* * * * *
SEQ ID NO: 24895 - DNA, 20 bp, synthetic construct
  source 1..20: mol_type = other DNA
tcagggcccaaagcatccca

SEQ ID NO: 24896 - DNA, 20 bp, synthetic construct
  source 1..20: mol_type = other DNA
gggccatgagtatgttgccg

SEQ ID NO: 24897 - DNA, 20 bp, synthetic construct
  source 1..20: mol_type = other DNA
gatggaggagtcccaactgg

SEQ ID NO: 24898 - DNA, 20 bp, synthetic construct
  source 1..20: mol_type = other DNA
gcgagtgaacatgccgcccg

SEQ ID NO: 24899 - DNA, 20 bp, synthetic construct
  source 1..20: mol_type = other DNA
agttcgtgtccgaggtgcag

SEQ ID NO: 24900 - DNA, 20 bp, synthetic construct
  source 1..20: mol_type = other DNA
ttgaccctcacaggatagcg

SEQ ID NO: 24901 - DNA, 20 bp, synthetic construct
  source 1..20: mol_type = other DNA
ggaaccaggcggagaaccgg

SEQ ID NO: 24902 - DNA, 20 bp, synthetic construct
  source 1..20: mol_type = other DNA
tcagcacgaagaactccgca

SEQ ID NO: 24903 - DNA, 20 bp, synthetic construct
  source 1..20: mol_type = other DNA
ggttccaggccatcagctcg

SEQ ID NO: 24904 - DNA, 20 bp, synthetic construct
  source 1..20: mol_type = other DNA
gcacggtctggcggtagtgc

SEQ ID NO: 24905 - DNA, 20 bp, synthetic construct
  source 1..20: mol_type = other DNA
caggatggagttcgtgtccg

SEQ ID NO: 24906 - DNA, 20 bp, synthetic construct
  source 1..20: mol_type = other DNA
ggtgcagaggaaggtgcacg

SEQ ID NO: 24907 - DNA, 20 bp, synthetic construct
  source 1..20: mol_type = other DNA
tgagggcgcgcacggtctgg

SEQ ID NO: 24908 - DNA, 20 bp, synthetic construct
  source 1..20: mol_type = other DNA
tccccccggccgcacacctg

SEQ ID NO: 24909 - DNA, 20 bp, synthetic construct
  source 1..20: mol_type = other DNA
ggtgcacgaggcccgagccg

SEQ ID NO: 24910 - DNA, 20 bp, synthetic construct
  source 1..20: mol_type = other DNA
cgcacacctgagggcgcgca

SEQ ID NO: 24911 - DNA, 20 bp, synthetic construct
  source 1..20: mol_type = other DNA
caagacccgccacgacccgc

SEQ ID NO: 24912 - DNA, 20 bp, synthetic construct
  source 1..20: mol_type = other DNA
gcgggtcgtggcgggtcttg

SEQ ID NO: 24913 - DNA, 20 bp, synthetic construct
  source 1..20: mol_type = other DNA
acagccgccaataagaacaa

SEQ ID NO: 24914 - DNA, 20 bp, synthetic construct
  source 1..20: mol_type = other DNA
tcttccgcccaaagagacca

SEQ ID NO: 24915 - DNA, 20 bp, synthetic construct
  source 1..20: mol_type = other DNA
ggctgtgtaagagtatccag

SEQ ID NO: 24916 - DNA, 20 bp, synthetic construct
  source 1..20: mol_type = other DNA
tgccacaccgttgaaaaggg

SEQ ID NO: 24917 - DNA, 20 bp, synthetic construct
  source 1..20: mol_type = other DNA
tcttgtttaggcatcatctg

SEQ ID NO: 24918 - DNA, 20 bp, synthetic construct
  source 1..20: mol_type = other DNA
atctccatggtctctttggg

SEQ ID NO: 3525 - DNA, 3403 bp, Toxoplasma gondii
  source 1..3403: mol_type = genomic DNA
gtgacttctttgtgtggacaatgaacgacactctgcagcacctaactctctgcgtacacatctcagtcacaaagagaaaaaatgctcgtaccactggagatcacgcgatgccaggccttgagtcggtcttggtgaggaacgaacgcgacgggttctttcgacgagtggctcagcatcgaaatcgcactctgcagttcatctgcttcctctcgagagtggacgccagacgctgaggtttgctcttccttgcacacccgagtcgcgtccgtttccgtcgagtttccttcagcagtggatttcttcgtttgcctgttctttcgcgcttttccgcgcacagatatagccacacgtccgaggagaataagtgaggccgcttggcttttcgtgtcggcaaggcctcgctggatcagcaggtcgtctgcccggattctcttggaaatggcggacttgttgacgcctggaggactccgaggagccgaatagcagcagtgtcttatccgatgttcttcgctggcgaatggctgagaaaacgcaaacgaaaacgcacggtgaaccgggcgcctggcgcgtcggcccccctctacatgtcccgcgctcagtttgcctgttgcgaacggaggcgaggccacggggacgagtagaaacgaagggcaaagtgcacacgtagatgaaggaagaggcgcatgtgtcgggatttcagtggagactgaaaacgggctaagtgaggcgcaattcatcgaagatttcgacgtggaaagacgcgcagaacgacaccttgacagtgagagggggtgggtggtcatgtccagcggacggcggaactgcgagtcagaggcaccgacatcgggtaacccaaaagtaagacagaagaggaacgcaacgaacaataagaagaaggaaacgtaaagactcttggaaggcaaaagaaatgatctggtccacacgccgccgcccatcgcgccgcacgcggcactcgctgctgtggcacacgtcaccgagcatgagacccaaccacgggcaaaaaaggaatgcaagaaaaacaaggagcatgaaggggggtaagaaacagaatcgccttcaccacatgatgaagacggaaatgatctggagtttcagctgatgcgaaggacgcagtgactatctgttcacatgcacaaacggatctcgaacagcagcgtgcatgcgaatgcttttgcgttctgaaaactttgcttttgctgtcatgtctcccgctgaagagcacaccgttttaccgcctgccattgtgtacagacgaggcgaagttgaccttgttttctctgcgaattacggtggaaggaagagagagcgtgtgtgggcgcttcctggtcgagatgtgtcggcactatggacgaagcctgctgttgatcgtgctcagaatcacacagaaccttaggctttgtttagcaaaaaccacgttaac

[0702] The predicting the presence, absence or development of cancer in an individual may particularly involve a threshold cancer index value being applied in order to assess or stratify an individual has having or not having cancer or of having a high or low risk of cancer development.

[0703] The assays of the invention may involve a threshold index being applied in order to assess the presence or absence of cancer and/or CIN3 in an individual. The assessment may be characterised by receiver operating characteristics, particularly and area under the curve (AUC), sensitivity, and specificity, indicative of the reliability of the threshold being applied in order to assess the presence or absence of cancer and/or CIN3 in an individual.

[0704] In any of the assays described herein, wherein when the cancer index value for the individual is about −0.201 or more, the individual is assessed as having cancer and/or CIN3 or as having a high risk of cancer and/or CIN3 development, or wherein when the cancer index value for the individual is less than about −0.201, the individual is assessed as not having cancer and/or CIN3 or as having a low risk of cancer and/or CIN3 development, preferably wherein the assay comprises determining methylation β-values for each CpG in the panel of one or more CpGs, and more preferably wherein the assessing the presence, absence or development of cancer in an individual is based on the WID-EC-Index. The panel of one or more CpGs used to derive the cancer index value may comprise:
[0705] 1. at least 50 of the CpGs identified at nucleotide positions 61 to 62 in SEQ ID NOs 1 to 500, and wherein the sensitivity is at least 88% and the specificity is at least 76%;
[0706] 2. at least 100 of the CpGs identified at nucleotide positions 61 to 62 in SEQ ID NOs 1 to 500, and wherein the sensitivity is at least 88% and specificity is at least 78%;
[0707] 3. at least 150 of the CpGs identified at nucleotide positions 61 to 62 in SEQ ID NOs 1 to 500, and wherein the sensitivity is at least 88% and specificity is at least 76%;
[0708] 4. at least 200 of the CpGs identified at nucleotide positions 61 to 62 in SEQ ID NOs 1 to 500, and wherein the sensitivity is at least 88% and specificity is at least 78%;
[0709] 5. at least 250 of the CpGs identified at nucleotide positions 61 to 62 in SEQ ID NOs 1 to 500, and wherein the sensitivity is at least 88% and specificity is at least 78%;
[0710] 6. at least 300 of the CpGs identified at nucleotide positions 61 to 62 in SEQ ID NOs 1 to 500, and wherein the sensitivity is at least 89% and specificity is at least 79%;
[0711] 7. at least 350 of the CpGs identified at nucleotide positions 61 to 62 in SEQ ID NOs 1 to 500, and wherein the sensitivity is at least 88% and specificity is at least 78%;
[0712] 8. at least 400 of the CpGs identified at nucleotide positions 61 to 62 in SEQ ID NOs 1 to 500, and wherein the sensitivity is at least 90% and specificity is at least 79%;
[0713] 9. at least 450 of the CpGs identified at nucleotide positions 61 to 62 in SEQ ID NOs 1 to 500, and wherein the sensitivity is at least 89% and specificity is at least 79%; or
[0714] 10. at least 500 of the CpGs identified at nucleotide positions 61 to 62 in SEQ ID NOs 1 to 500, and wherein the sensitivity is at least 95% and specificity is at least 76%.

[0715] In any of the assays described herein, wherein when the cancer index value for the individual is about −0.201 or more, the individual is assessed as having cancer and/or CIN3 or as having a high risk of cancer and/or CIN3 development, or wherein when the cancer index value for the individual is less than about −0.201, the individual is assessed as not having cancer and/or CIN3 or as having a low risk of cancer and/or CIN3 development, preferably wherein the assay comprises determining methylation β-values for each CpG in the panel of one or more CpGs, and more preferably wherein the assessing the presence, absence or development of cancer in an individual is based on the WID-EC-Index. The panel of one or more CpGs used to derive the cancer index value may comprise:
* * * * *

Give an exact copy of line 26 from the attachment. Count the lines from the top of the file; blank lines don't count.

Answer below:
  source 1..20: mol_type = other DNA